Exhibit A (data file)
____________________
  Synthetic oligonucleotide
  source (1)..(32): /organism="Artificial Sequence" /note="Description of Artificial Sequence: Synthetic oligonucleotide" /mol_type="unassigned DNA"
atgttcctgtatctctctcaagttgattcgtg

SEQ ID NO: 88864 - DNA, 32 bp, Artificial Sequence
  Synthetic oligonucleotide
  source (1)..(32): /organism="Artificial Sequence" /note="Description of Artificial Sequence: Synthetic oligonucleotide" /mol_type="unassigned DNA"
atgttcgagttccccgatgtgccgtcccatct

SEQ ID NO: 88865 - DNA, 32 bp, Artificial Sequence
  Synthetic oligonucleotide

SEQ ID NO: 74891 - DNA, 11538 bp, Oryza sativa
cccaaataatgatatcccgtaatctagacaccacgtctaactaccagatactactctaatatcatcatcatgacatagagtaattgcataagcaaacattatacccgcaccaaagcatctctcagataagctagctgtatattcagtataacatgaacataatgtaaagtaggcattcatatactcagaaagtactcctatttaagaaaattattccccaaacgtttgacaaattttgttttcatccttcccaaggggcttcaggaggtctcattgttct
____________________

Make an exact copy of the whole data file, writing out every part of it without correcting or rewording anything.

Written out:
  Synthetic oligonucleotide
  source (1)..(32): /organism="Artificial Sequence" /note="Description of Artificial Sequence: Synthetic oligonucleotide" /mol_type="unassigned DNA"
atgttcctgtatctctctcaagttgattcgtg

SEQ ID NO: 88864 - DNA, 32 bp, Artificial Sequence
  Synthetic oligonucleotide
  source (1)..(32): /organism="Artificial Sequence" /note="Description of Artificial Sequence: Synthetic oligonucleotide" /mol_type="unassigned DNA"
atgttcgagttccccgatgtgccgtcccatct

SEQ ID NO: 88865 - DNA, 32 bp, Artificial Sequence
  Synthetic oligonucleotide

SEQ ID NO: 74891 - DNA, 11538 bp, Oryza sativa
cccaaataatgatatcccgtaatctagacaccacgtctaactaccagatactactctaatatcatcatcatgacatagagtaattgcataagcaaacattatacccgcaccaaagcatctctcagataagctagctgtatattcagtataacatgaacataatgtaaagtaggcattcatatactcagaaagtactcctatttaagaaaattattccccaaacgtttgacaaattttgttttcatccttcccaaggggcttcaggaggtctcattgttct